Minnie Freeman would later learn that the storm turned deadly in many parts of the mid-west, but she and her students were safe and in the arms of their parents. And because her heroism captivated the country’s attention, she earned the nickname of “Nebraska’s Fearless Maid.” It is alleged that she received several marriage proposals, many gifts from admirers and hundreds of letters praising the defense of her students.

In April 1891, Freeman, then in her early twenties, married Edgar B. Penney, 25, in Omaha. They lived in Fullerton, Nebraska, where they raised two sons, Freeman and Frederick.

Throughout Mrs. Penney’s later life, she continued her public service as a political activist and as a member of several State of Nebraska ad hoc action committees.

Mrs. Penney died in Chicago on Monday, November 1, 1943. Obituaries were filed with dozens of mid-west newspapers; each recounted the occasion of her heroic act fifty-five years earlier.

Other accounts of the snow event have been logged at the Nebraska Historical Society, along with photos and oral-history interviews of her sons, her grand- and great-grandchildren, and others who knew her. A particularly poignant one was the mother who made her way to the school the next morning and found it destroyed and empty. Thinking that all were lost in the storm and completely grief-stricken she readied herself to return home alone. Then the glee she experienced when she caught sight of all the students, safe and sound, marching across a field led by their teacher, Miss Minnie Freeman.

Miss Freeman’s resourceful and dramatic rescue was immortalized in a Victorian parlor song, Thirteen Were Saved; Or Nebraska’s Fearless Maid, by the composer William Vincent. She is also featured in a mosaic mural in the Nebraska State Capitol. But throughout her life, the schoolteacher said on many occasions, that she never desired the attention she received, “Too much was made over an act of simple duty.”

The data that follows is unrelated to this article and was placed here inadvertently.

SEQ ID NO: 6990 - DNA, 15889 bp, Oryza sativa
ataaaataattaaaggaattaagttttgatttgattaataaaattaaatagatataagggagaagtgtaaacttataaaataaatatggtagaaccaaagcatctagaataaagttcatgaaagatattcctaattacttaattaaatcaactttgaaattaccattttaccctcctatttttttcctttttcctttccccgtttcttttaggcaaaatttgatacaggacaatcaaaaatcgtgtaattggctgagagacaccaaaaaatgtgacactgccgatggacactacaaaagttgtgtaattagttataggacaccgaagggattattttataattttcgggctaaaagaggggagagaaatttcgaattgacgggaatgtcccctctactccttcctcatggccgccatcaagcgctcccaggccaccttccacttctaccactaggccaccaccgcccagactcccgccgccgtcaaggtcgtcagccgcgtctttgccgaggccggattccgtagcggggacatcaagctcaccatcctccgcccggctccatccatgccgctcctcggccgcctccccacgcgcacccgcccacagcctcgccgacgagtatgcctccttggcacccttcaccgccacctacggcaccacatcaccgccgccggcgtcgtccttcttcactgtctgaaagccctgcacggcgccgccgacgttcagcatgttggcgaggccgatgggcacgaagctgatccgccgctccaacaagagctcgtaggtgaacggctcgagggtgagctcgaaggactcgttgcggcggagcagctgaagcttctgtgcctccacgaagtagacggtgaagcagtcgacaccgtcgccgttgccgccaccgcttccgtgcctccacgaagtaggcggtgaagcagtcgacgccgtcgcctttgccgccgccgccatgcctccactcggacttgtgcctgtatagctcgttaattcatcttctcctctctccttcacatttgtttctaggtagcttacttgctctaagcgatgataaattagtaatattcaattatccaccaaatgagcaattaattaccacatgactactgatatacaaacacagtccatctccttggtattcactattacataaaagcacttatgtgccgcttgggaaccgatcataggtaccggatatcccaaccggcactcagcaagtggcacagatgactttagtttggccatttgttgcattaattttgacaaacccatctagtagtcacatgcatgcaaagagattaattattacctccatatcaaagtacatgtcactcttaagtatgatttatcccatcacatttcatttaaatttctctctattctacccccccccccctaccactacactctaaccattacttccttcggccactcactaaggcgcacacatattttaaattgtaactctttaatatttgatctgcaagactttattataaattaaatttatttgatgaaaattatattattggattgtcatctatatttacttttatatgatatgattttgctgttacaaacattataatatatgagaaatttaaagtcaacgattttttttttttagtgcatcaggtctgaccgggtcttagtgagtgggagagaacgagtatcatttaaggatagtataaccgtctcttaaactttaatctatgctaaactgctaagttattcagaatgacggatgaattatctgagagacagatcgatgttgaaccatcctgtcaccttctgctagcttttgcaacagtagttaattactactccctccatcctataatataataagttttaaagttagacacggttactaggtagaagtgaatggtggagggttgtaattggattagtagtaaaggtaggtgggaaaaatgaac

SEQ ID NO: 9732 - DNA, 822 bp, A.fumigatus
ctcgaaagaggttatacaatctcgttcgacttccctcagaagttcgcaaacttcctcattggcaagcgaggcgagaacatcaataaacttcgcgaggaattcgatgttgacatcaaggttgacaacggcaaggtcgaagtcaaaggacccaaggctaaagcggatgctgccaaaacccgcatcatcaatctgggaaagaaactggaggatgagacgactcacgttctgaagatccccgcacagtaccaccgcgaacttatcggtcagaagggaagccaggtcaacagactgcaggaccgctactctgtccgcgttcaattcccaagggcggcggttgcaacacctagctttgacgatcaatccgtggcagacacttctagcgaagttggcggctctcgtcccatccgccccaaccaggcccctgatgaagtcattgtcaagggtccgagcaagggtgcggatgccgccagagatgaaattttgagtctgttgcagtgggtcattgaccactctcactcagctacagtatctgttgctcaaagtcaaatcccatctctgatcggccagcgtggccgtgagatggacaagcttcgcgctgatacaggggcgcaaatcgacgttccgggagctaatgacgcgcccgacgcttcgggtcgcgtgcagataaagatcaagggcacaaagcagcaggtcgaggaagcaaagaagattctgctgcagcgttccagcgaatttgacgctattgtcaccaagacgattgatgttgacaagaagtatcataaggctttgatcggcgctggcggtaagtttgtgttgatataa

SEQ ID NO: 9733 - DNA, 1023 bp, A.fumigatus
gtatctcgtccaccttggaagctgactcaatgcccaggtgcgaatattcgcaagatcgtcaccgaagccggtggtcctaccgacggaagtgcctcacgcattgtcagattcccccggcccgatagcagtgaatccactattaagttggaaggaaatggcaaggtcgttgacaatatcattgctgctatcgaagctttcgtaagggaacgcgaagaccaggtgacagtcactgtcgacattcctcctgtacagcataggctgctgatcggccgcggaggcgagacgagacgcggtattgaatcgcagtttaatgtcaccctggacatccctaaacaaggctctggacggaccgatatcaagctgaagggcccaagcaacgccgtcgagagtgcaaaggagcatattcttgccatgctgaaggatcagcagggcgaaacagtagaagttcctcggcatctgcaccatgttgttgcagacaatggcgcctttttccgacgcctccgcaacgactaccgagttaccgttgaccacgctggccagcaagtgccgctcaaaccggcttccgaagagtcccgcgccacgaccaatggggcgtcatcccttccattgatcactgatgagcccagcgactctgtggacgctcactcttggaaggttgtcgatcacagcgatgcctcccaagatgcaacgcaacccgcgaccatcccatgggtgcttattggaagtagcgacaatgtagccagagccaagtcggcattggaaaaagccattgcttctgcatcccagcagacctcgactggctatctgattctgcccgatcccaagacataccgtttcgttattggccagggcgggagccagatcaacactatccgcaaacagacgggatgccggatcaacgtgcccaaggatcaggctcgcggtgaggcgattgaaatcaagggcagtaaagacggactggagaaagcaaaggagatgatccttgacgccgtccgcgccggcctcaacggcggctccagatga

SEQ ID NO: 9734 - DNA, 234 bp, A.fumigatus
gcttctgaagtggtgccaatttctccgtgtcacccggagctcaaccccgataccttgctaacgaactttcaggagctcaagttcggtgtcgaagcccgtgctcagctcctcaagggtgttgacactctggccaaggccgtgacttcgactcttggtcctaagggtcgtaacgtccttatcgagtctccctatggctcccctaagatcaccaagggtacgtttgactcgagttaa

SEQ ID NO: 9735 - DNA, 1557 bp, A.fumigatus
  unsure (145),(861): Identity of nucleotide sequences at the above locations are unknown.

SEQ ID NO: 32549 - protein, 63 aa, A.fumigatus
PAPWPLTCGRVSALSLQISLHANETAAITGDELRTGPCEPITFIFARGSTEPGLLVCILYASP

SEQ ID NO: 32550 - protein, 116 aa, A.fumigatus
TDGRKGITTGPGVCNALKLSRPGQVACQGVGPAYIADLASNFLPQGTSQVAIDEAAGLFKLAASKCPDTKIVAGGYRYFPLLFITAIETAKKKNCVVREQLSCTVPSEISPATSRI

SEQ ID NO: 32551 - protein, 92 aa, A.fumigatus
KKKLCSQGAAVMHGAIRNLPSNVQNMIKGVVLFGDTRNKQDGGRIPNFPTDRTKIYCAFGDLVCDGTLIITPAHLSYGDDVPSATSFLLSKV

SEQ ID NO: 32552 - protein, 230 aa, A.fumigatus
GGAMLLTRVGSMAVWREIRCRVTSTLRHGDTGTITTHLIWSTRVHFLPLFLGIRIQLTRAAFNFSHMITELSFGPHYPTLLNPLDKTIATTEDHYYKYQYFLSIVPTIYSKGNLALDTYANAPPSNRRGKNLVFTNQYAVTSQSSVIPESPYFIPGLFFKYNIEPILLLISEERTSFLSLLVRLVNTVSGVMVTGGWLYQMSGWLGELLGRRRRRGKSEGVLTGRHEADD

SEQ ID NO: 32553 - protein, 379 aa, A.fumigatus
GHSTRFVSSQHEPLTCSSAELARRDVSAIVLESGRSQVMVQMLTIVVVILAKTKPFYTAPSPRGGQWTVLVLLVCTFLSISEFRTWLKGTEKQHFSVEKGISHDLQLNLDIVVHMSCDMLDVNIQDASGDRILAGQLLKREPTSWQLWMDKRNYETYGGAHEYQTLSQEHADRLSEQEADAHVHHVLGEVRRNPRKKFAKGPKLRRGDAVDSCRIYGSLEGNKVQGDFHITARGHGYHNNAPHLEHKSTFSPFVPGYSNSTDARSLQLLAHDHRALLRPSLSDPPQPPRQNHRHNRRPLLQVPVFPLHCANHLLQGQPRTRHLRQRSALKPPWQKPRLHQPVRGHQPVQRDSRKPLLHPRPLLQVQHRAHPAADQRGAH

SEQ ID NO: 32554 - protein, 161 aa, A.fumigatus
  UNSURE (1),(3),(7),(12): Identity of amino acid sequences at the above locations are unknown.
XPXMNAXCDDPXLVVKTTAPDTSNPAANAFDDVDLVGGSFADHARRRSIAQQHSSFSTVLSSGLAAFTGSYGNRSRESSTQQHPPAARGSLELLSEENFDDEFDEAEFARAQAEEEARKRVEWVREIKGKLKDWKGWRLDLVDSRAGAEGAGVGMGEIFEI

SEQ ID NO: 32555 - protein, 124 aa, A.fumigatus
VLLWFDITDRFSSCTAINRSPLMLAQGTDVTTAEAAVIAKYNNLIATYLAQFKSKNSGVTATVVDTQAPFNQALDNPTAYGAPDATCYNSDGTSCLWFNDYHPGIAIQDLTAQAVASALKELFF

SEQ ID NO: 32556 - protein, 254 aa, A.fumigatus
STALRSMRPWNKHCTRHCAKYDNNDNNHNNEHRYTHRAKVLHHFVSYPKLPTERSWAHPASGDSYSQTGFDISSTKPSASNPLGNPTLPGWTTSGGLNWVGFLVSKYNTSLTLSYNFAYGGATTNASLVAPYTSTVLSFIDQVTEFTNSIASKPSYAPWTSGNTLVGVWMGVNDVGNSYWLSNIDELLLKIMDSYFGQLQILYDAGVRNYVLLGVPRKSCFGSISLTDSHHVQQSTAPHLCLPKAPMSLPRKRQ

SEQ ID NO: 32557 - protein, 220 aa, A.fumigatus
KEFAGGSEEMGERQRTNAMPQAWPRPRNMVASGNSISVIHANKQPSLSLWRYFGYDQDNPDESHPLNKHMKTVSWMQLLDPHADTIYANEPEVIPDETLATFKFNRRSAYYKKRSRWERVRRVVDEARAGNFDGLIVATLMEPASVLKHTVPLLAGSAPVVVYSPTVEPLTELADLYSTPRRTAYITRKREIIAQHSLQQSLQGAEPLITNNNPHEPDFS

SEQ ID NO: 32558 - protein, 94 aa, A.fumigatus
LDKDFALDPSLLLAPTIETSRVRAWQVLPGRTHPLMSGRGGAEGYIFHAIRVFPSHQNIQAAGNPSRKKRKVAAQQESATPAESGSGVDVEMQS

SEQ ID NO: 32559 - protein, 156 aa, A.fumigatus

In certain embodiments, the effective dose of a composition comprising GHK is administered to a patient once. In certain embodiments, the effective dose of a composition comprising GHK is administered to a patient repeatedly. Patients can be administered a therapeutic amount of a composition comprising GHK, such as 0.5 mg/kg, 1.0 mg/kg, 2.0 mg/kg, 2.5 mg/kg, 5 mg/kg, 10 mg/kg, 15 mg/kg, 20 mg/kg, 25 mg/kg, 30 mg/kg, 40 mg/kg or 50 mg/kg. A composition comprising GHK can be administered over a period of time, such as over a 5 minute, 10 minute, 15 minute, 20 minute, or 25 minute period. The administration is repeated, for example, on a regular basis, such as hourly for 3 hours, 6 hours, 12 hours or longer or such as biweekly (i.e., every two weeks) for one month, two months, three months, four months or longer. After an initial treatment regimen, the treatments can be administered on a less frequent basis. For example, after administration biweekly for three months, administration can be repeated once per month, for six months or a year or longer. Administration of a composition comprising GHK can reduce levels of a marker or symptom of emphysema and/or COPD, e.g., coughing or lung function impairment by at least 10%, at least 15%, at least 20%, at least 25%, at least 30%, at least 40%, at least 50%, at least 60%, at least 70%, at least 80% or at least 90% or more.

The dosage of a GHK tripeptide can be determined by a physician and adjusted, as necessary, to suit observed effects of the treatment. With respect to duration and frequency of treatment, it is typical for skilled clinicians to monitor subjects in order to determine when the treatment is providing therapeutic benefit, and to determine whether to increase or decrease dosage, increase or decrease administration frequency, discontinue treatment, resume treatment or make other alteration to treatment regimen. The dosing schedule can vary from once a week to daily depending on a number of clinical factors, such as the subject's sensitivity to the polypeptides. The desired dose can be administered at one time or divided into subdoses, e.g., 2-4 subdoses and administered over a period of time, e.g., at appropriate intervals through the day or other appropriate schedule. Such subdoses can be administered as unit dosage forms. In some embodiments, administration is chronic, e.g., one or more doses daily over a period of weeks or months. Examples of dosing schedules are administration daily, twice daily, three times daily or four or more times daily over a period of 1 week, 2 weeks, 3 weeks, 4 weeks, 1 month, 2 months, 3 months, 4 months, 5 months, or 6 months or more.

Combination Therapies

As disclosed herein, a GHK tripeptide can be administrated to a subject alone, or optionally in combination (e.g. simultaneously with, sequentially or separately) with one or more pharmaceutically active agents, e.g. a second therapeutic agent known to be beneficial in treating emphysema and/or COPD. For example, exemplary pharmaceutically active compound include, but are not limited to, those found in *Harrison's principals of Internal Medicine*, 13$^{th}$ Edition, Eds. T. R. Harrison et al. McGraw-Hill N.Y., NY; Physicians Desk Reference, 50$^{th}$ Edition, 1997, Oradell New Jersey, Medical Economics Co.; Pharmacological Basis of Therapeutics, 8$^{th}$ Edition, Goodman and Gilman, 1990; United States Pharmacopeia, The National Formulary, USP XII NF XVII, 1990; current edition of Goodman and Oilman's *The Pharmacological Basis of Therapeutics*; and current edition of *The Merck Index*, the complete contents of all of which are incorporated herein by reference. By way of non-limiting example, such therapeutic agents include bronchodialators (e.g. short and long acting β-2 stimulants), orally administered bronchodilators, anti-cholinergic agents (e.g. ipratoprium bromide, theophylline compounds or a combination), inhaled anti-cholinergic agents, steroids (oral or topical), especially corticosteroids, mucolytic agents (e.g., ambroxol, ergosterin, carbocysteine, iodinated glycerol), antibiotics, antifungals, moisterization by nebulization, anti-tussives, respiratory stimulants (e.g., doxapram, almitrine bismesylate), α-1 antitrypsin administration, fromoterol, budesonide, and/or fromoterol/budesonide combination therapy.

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My topical sheet music collections include songs about natural disasters, accidents, plane and train wrecks. Sentimental audiences must have liked this material for decades, otherwise why would talented composers write this stuff? I have included some music in a few articles for Postcard History. Thank you for adding a nice g0-with that I have never seen before. Earthquakes, volcanos, the Johnstown Flood, the Triangle Shirt Factory fire, the Iroquois Theater fire, Floyd Collins in the cave, Lizzy Borden (Whack, Whack, Whack), and numerous train wrecks were some subjects. I wonder how many copies were sold. Were people so starved for… Read more »

An interesting story I had never heard about until today.

Being from Nebraska I have heard the 1888 stories often, but did not realize there would be a postcard and sheet music (which I collect as well) tied to this event. We are always learning. Thank you for sharing your article.

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Ray Hahn

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Researching postcard topics is a never-ending surprise. It started with five postcards advertising sacks of flour and ended when the sole survivor of an airplane crash tells his story to a judge who must adjudicate a legal dispute over a $55,000 estate. It’s all true; you can’t invent stories better than this.